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Muhammad Islam, the 17-year-old Stuyvesant student who concocted a hoax that he was worth $72 Million from day-trading, which made the national news, has the major networks rinsing the egg yolks off of their faces. News producers, such as Chris Licht at CBS, irresponsibly and lazily gobbled up a story first reported by the Australian parasites at the New York Post tabloid: an outlet with a horrible track record of going with “page-one” stories that have been proven to be completely untrue, and New York Magazine (a throw-away rag not to be confused with the respected New Yorker Magazine).
However, the story is much bigger than one stupid kid in need of attention. It is yet another incident at New York City’s best public school: Stuyvesant. Recall, Stanley Teitel, the former principal of Stuyvesant High School, was fired after a plague of student cheating was uncovered, and an investigation found that he covered up the problem.
What do Harvard and Stuyvesant High School have in common? Well, they both have very smart kids enrolled, and they both have rampant cheating problems. The same year that the Stuyvesant kids were busted, Harvard had its own cheating scandal in the news.
The pressures on elite students to get to the next level, to Harvard from Stuyvesant, or to Goldman Sachs from Harvard, are so overwhelming that a huge percentage of students resort to cheating. Meanwhile, the security around the most important standardized tests, such as the SAT, MCAT, etc, is easily outsmarted by the test takers.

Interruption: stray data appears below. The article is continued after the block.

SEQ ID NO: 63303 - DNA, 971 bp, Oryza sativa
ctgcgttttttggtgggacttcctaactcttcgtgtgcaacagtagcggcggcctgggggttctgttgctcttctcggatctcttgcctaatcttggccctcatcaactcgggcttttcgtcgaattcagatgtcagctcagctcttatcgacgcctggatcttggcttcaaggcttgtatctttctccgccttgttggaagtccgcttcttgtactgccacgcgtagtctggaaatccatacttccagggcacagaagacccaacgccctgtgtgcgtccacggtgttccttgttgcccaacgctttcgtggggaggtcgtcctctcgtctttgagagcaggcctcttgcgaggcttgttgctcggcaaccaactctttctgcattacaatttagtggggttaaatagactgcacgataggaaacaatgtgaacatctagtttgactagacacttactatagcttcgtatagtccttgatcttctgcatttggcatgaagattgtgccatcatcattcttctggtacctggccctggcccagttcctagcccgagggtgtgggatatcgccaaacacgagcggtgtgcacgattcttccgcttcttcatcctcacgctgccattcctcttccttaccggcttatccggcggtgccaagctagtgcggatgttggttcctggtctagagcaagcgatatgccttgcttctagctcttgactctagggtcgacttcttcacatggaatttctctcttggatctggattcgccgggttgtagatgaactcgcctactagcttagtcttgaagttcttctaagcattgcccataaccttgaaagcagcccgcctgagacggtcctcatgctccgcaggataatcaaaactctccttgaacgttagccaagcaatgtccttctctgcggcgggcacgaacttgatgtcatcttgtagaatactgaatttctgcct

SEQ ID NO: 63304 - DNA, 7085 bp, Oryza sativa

A personal story: When I was a surgery resident, I had a colleague who was failing the in-service exams required by all training programs. He was getting 50% on the test. Then, he had his wife become employed in the administrative offices of the surgery department, and voila, he scored a 90% on the test. His wife was handling the test questions prior to the test.
With technology allowing cheaters to use small cameras and smartphones to communicate during tests, and with Google allowing one to easily plagiarize, cheating has rendered the standardized tests unreliable. It is time for the companies who administer these important tests to completely changing the testing paradigm. Even without cheating, multiple choice exams have never been a good predictor of one’s aptitude for medicine or law.